Getting Started

Setting up COGENT

COGENT uses a number of directories for storing projects and data. The very first time you use COGENT you will need to set these directories appropriately. Thereafter, COGENT will remember where your projects and data are stored. To set up COGENT, first create two directories: one for COGENT projects and one for COGENT printouts. (You might like to call these .../COGENT/projects and .../COGENT/data respectively, where ... corresponds to your home directory.) Now start the system by typing cogent at the command prompt. COGENT's Research Programme Manager window will appear:

Left-click on the Options... button at the top of the window and a further window will pop-up. This window allows the user to set various options, including the location of projects. Enter the full name of the project and print directories in the appropriate fields. Click on the Save button and you will be ready to go.

For more details of COGENT configuration options, click here.

The Research Programme Manager

When COGENT starts up, it displays its research programme manager window. This window allows you to perform various functions on complete research programmes (such as open, create, delete, copy and rename). The window displays the names of all existing research programmes. A research programme can be selected by left-clicking on its name. Clicking on the appropriately named buttons to the right of the research programme selection panel will then perform the various functions, most of which are self explanatory. Note, however, that you can also open a research programme by double-clicking on its name, and when you do open a research programme COGENT will respond by opening the programme's history window (see below). Similarly, if you create a new research programme, COGENT will open that new research programme once it is created.

For more details of the Project Manager, click here.

The Project History Window

COGENT displays a project's history within a special window as an annotated time-line. Annotations correspond to individual models within the project's history. Each model is represented as a blob (with its name or creation date). If the project consists of just a single model, then there will be just one blob. If the project comprises multiple models then a number of blobs will be shown. The time-line which connects the blobs may be linear, indicating a sequence of models that have developed cumulatively from a single ancestry, or it may branch, indicating points at which different modifications to a model have been considered. To examine any particular model in the project, click with the right mouse button over the corresponding blob. A menu will appear, from which you can select various options. If you just want to look at a model, select View.... If you want to change a model, select Edit.... You can also create new models in the project's history (with Create...) or delete existing models (with Delete). Note, however, that only models at the right extremity of the time line can be edited (these correspond to models in development). A model can also by opened in edit mode by double-clicking on the corresponding blob.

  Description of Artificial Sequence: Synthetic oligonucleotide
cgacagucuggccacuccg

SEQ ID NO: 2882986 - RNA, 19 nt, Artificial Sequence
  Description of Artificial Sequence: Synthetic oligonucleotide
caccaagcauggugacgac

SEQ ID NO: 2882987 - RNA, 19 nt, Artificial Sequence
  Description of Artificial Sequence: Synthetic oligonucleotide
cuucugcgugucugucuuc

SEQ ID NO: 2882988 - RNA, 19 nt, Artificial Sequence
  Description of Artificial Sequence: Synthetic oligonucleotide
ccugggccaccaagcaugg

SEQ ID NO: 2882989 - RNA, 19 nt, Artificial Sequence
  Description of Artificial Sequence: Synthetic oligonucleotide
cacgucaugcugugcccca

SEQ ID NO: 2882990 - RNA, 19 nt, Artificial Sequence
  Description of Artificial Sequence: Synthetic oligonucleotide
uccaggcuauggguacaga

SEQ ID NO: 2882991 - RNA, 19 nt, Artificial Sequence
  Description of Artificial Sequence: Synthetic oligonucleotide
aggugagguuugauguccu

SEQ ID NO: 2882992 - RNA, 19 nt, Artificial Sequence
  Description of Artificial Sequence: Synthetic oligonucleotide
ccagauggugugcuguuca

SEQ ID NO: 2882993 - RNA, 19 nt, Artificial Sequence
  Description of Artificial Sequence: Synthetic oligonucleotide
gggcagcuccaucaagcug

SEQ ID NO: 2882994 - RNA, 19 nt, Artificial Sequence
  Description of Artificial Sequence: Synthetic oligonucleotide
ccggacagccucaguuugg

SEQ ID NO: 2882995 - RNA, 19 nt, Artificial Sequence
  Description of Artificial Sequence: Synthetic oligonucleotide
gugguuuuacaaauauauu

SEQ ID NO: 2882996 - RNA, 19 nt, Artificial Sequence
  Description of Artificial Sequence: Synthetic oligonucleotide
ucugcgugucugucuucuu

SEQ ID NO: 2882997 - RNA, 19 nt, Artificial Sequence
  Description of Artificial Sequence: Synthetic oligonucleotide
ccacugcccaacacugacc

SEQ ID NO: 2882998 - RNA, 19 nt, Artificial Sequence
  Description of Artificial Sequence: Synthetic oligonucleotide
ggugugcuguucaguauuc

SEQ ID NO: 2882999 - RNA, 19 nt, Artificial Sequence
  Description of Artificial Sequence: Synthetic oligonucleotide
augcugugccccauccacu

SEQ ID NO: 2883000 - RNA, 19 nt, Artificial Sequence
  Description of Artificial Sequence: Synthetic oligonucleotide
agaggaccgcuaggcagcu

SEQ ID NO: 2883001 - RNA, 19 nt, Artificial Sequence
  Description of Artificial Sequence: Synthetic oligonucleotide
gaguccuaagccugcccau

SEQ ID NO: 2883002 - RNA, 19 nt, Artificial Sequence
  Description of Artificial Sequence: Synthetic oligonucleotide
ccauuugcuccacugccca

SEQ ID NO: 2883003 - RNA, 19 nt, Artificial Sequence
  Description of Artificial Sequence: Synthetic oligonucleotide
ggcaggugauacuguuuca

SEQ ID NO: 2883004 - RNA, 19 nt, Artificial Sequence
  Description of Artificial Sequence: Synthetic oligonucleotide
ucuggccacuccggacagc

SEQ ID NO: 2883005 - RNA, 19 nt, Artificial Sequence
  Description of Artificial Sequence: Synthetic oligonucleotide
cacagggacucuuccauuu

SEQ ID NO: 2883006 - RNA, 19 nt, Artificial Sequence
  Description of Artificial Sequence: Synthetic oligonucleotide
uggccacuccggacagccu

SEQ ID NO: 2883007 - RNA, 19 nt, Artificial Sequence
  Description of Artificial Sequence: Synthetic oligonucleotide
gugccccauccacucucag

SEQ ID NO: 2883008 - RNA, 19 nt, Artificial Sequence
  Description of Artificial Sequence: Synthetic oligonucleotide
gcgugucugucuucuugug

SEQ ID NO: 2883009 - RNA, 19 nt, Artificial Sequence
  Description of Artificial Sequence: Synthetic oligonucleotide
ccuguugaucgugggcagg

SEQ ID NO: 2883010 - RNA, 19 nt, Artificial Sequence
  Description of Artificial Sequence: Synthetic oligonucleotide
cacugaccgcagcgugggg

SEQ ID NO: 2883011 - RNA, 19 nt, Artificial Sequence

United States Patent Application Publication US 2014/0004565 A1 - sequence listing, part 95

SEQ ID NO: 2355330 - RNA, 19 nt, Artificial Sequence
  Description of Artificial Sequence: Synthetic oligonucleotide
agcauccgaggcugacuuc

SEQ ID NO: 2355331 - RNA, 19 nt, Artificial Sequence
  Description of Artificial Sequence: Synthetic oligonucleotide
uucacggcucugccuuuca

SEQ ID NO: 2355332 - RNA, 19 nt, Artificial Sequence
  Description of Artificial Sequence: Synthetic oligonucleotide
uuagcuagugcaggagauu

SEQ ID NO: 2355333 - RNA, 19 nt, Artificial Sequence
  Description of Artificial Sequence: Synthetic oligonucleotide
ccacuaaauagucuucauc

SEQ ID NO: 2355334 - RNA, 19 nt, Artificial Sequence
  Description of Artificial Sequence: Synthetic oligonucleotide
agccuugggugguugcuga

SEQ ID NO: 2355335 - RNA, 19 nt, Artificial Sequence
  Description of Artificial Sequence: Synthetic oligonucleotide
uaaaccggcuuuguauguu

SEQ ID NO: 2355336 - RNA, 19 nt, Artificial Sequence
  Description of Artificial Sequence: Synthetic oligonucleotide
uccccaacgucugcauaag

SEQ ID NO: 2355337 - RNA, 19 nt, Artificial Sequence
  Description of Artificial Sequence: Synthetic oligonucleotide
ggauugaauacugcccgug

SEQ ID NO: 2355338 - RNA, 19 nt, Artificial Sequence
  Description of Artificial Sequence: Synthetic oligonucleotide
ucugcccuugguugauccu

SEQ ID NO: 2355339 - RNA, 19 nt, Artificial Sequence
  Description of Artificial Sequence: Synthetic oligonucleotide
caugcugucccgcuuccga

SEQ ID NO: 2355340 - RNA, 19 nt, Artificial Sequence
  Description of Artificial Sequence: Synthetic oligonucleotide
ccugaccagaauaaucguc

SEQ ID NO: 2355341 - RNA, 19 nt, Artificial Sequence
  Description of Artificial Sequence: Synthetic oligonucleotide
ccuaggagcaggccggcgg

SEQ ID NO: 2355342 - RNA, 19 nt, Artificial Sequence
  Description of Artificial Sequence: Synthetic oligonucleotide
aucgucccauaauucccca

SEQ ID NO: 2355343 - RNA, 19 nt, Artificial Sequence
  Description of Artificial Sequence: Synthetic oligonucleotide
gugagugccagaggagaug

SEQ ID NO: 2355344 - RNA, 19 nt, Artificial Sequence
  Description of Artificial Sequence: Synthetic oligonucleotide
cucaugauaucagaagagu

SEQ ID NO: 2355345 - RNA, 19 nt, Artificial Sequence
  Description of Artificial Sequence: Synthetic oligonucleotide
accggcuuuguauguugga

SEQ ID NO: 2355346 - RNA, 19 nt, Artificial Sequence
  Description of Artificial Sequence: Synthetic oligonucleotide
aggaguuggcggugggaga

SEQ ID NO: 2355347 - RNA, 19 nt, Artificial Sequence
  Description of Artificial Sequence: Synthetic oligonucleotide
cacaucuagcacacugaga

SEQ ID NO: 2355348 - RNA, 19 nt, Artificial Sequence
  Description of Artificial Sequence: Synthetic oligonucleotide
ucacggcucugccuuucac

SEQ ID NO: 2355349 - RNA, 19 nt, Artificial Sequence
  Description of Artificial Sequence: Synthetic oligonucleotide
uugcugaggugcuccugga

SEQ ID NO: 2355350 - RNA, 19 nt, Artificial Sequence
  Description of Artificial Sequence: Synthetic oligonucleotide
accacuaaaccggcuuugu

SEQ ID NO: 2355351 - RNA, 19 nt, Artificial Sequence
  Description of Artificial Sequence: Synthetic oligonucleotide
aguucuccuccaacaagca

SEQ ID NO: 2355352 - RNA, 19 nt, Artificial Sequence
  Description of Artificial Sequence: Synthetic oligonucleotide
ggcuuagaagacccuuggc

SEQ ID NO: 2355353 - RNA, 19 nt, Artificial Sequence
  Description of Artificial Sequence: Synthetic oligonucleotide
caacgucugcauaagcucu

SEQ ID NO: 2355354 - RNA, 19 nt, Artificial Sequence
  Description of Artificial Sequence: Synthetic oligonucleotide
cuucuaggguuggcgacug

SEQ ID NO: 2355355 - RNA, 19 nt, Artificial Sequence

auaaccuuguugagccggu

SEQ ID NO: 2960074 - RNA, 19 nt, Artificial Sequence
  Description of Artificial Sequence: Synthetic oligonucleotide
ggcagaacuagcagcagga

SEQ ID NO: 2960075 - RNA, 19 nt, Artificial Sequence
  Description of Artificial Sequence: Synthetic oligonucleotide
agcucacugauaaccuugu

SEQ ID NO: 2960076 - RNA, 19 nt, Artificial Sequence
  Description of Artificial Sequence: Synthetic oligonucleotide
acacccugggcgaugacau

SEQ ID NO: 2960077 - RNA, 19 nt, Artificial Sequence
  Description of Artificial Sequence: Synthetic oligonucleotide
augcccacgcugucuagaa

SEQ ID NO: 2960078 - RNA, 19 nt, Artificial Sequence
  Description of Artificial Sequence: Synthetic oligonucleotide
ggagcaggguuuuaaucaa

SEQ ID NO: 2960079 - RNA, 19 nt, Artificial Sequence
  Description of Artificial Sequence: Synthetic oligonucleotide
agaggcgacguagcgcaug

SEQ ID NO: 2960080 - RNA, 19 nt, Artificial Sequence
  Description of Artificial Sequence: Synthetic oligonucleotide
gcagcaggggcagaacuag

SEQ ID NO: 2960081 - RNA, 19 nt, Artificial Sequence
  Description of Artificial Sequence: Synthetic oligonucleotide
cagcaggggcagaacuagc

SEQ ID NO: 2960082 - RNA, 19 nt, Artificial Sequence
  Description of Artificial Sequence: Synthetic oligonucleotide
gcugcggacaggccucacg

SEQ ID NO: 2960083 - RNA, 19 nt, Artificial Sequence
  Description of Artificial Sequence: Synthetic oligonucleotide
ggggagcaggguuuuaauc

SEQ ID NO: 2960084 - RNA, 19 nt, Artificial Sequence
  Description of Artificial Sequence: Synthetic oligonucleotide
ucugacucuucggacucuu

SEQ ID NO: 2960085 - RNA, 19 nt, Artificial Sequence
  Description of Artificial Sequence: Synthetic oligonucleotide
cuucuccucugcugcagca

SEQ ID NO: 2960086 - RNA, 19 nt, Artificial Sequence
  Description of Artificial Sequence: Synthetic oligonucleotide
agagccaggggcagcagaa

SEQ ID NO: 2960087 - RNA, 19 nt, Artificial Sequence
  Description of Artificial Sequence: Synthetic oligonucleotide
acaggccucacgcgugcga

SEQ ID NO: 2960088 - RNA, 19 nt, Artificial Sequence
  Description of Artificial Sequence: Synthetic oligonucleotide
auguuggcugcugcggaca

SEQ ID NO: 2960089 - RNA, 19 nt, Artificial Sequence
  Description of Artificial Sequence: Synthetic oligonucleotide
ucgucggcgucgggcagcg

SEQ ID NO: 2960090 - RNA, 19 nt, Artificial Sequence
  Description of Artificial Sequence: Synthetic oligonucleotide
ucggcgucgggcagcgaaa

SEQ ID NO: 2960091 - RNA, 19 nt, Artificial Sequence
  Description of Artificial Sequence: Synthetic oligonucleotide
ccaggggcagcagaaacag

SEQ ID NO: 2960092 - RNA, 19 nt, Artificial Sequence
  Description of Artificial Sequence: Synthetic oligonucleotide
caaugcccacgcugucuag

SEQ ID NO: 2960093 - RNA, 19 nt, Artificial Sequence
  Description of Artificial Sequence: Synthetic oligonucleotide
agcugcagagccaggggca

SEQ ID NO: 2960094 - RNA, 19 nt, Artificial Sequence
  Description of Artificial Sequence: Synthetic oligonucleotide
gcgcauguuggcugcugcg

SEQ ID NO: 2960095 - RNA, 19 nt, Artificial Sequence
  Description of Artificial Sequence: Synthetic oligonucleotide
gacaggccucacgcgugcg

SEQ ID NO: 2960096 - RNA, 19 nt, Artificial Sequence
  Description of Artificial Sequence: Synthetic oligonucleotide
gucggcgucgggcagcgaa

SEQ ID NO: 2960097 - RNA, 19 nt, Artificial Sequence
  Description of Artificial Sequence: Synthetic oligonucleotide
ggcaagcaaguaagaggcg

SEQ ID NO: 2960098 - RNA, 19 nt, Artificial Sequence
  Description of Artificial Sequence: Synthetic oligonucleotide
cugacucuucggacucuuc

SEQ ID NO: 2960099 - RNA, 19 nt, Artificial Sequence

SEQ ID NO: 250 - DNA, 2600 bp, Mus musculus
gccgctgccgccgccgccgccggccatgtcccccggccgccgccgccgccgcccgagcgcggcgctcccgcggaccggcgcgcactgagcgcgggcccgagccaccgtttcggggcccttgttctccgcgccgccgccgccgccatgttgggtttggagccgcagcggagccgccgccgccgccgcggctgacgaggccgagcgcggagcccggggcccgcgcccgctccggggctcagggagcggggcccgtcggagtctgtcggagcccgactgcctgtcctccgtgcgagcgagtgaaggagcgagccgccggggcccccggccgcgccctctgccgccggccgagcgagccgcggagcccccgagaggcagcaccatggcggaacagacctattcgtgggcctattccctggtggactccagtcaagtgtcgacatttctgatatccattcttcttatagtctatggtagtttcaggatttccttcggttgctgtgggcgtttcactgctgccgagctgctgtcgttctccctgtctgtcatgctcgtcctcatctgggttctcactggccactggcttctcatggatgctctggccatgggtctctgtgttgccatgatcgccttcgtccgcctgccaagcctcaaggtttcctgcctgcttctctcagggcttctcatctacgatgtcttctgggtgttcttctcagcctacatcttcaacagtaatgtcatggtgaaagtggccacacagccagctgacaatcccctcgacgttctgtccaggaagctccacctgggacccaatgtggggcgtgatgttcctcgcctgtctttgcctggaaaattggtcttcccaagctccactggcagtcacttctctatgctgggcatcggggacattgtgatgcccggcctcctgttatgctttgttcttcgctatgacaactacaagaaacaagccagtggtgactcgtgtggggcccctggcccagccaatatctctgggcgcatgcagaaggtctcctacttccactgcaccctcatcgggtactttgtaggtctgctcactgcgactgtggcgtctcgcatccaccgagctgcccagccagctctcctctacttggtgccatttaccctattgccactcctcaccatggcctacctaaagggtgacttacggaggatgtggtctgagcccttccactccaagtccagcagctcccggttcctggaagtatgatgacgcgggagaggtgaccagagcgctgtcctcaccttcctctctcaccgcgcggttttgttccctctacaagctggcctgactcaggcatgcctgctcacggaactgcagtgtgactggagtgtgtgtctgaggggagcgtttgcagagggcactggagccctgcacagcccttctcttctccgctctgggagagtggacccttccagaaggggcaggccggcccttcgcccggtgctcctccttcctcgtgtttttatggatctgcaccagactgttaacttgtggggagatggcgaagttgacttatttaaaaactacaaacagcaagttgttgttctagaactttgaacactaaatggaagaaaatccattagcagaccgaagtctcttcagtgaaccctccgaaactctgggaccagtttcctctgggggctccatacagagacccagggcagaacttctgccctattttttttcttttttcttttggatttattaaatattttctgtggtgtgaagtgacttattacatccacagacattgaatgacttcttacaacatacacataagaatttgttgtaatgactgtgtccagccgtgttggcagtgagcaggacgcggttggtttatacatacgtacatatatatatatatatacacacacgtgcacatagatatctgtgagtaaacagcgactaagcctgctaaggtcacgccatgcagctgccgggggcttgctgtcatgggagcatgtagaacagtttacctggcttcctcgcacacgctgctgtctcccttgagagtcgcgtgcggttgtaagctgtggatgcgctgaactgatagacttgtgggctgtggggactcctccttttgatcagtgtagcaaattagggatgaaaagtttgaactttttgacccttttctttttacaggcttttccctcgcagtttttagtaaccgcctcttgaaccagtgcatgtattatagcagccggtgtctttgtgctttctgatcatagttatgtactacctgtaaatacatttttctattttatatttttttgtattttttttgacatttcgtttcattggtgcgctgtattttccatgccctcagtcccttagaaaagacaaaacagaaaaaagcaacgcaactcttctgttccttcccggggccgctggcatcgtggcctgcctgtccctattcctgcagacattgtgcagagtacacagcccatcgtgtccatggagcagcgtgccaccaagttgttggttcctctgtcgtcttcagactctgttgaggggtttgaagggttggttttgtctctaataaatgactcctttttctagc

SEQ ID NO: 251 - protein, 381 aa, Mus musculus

For more details of the Project History window, click here.

The Box/Arrow Editor

If you edit, view, or create a model, a new window will appear. This is the window in which you can view, draw or edit the box/arrow diagram corresponding to your particular model. If you are in edit mode, the window will have a palette at the bottom. Left clicking on any item on the palette will select the object class. The object can then be drawn on the canvas by moving the mouse to the appropriate position on the canvas and left clicking again. Objects on the canvas can also be repositioned. To move a box to a new location, left click on the box and drag it to the desired position.

Once the necessary boxes have been drawn, they may be connected by arrows. There are two different sorts of arrow, "read" arrows and "send" arrows. A read arrow is used when a box (usually a process) needs to read data from another box (usually a buffer). A send arrow is used when one box is required to send (or write) information to another box. Send and read arrows are distinguished by different arrow heads: send arrows have standard pointed heads, whereas read arrows have reversed triangular heads. To draw an arrow, left click on the appropriate arrow tool on the drawing tool-bar, then left click on the box from which you want the arrow to originate; you will see that the arrow appears, and can be dragged to its destination box.

Inside Boxes

At some stage you will want to attach names to boxes, and specify the internal details or properties of boxes. To do this you must "open" a box, either by double-clicking on the box or by right-clicking and selecting Open... from the menu that appears. When you open a box another window appears. This window gives you access to the internal details of the box, allowing you to name and configure the box as required. If you position the cursor to the right of the "Name:" field (by moving the mouse there and clicking with the left button) you can, for example, name the box by simply typing in an appropriate name.

For more information on box internals, see general box features and the class hierarchy.